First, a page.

While wood may be one of the most versatile materials to use for home construction and renovation, there are certain types that can pose a threat to the environment. Many wood manufacturers are not concerned about the effects of deforestation and they continue to cut down thousands of trees daily, despite the balding forestry. Due to deforestation, many species of trees have been listed as endangered.

Each one of us can now help save the environment in our own little way by not conforming to the unwarranted cutting of new trees in the forest. Instead, using reclaimed wood is a more suitable and eco-friendly alternative. Reclaimed wood, or recycled wood, does not require more trees to be cut down because it comes from old or unused structures.  Even though the overall structures are old, much of the lumber within them is still viable and can still be reused for new construction.

However, when buying reclaimed wood, it is also important to understand a few factors so you can choose real and reliable reclaimed lumber. There are some manufacturers that advertise new timber as recycled wood, and their customers are neither able recycled wood to enjoy the benefits of using reclaimed wood nor truly utilize an eco-friendly material.

To help you purchase good reclaimed wood, here are some useful tips to consider:

  • Inquire about any certifications that can support its claim of being an eco-friendly wood. Organizations such as Forest Stewardship Council and SmartWood offer certification to manufacturers that harvest their woods in a more sustainable way.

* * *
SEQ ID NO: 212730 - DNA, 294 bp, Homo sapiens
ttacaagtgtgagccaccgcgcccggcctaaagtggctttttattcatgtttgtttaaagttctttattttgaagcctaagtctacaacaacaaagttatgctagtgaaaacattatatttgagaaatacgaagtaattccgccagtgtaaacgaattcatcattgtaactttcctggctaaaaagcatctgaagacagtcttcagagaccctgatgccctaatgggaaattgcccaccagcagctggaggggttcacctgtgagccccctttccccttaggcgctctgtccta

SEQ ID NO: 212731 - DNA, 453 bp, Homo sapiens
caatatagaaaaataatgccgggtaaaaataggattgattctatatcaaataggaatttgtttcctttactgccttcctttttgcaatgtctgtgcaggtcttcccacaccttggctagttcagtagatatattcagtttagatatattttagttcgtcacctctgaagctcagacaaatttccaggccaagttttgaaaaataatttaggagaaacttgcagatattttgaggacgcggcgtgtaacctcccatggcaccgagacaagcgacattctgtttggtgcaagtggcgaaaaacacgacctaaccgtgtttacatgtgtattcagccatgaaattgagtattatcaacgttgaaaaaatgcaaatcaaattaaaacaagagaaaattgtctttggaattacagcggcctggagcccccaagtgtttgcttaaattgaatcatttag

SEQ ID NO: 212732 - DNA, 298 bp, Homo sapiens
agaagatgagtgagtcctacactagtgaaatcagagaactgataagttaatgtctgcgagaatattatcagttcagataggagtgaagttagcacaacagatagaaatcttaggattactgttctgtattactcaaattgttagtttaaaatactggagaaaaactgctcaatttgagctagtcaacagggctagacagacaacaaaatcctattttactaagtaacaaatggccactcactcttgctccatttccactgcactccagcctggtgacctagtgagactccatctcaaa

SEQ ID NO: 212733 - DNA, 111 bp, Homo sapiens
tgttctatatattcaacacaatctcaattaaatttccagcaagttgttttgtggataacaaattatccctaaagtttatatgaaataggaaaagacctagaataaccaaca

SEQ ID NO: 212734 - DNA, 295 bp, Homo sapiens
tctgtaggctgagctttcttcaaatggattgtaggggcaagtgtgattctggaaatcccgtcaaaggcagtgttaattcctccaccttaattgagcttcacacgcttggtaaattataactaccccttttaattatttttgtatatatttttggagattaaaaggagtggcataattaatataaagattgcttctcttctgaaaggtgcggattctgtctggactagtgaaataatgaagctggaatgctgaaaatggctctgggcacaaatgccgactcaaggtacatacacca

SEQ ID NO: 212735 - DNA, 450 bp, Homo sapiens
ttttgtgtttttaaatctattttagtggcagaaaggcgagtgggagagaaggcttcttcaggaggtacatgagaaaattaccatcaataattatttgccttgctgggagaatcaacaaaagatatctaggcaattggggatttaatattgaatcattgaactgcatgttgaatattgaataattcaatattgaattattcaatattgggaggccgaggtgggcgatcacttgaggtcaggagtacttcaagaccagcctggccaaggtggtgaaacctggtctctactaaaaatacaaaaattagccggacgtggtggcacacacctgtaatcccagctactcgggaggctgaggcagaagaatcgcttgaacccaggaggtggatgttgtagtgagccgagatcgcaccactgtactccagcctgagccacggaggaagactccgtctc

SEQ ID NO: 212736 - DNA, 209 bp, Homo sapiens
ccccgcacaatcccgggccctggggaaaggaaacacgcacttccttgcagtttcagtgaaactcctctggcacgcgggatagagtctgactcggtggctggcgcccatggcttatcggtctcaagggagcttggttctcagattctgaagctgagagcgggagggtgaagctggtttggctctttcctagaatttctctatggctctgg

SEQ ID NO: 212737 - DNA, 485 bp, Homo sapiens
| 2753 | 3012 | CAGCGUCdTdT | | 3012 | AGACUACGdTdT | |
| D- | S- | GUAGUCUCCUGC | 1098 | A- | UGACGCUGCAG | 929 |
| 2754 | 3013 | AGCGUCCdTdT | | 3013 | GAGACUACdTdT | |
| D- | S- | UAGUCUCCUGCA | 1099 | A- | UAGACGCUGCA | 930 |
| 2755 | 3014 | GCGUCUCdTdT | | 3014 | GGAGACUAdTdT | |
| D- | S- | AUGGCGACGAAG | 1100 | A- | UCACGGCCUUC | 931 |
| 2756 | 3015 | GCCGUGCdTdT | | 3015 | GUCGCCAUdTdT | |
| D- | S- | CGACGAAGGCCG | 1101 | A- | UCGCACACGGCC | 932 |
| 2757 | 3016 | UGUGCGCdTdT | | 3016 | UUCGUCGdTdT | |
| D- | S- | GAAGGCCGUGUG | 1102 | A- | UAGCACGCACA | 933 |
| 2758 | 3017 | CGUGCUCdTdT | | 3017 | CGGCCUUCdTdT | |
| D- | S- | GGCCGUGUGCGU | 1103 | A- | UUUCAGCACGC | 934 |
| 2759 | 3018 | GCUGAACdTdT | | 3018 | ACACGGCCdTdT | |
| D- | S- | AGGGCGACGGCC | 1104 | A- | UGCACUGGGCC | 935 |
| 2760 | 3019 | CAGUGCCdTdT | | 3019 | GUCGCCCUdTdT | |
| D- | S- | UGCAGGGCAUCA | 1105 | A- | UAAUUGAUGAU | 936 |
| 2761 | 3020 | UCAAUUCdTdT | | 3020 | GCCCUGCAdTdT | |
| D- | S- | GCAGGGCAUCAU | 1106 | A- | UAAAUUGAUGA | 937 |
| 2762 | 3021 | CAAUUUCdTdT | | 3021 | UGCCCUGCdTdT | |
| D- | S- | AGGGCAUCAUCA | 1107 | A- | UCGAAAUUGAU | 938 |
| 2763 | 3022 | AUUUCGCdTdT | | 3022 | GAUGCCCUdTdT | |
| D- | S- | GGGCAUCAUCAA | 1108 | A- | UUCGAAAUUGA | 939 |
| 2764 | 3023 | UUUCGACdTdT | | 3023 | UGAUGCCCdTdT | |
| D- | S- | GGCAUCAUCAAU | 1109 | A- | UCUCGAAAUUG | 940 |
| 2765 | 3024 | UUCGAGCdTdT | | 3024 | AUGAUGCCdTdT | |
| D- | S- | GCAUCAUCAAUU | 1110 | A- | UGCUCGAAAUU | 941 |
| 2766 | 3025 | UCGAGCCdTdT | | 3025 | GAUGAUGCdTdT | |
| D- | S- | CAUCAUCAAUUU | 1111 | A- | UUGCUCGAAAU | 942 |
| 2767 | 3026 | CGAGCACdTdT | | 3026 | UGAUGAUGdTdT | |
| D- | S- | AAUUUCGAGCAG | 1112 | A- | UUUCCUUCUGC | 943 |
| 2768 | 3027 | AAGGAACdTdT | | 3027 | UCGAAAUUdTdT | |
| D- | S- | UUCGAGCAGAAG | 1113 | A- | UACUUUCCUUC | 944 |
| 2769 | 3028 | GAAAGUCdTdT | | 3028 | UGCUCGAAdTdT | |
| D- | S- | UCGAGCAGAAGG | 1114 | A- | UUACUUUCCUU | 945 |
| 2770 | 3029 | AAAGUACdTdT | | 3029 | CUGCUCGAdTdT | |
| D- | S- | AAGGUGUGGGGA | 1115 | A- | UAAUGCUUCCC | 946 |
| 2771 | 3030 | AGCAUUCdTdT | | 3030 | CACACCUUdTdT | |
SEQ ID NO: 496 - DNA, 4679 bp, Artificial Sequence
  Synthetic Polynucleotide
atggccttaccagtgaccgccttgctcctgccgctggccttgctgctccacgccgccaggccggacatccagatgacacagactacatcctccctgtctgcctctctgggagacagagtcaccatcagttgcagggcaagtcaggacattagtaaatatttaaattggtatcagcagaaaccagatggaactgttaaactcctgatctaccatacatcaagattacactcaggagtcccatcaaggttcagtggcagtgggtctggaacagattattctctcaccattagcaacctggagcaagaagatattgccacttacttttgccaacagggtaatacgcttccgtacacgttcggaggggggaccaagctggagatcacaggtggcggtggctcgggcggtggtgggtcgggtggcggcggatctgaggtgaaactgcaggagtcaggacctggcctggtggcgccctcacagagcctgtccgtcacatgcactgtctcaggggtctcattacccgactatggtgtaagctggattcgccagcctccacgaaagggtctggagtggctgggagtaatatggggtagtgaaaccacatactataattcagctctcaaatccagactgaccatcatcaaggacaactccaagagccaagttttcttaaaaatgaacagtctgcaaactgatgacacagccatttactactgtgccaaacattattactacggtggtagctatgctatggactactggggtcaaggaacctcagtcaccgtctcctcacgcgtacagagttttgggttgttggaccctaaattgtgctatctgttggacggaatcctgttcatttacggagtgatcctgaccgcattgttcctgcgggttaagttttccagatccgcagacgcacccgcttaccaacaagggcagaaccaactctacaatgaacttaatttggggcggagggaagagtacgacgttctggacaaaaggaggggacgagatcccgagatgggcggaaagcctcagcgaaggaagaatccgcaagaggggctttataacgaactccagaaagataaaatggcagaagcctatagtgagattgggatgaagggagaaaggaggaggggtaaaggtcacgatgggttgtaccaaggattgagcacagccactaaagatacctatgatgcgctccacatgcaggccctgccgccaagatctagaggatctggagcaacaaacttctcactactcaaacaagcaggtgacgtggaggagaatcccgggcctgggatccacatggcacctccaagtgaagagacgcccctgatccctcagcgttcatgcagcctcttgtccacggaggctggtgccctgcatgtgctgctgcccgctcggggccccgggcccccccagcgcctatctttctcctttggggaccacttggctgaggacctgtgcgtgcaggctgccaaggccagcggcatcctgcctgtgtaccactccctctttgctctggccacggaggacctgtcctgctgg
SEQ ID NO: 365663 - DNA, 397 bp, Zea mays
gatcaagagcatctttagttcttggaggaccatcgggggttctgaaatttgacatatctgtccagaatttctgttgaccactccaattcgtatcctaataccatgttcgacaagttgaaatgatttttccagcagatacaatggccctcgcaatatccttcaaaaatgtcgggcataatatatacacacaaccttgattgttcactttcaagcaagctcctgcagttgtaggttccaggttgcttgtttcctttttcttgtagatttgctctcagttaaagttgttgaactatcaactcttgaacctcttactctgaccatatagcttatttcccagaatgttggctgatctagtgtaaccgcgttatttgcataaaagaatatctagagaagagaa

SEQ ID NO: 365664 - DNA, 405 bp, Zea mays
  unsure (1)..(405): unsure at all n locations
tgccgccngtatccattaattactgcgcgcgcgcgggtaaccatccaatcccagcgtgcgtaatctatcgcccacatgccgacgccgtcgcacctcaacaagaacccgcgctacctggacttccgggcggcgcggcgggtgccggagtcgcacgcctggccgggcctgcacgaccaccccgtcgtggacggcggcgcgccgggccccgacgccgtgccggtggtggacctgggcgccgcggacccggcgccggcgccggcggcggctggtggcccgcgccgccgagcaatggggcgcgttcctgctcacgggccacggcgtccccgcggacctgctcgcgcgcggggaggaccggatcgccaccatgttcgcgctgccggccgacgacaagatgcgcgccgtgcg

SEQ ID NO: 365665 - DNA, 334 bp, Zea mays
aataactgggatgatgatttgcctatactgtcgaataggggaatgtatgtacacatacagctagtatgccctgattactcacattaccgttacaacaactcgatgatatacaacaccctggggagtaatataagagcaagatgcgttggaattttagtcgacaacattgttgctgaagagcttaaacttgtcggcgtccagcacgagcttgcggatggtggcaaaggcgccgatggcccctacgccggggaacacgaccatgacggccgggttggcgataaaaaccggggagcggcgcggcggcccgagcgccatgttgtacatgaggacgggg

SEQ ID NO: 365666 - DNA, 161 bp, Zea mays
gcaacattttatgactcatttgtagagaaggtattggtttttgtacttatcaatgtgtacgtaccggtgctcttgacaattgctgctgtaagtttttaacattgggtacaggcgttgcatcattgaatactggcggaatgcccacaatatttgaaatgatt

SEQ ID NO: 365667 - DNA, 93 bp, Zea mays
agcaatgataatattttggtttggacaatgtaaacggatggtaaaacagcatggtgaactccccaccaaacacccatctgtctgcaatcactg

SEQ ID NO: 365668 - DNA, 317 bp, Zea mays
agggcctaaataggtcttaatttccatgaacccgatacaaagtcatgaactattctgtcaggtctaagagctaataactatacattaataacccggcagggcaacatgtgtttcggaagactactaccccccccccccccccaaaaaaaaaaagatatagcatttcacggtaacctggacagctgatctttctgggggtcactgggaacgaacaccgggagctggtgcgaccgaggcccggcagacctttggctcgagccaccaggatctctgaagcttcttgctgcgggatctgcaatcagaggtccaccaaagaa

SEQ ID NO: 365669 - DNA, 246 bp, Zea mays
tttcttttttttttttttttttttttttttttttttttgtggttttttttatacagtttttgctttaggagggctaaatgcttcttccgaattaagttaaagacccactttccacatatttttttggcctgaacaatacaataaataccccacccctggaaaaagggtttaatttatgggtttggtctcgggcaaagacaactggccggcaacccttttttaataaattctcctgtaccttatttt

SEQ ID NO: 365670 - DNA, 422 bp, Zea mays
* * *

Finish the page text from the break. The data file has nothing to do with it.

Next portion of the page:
• Ask what species of wood it is. There are endangered species of wood these days, and buying them would be the opposite of the eco-friendly approach you’re trying to take. Research the types of trees that are now endangered, so you will have them in mind when you buy your wood.
  • Be wary of manufacturers with unrealistic prices or unprofessional transaction processes. They are sometimes uncertified and harvest their woods illegally.
  • Look for signs of aging. Even though it’s not always necessarily a good feature for your floor, the presence of nail holes will help prove that the wood is already old. In addition, look for other aging signs, such as weathering and a rustic appearance.
  • Check with your manufacturer to be sure your reclaimed wood has been through the proper treatments like cleaning, kiln-drying, and checking for hidden nails. Kilning your wood kills insects and removes excess moisture, thus reducing the chances of warping.

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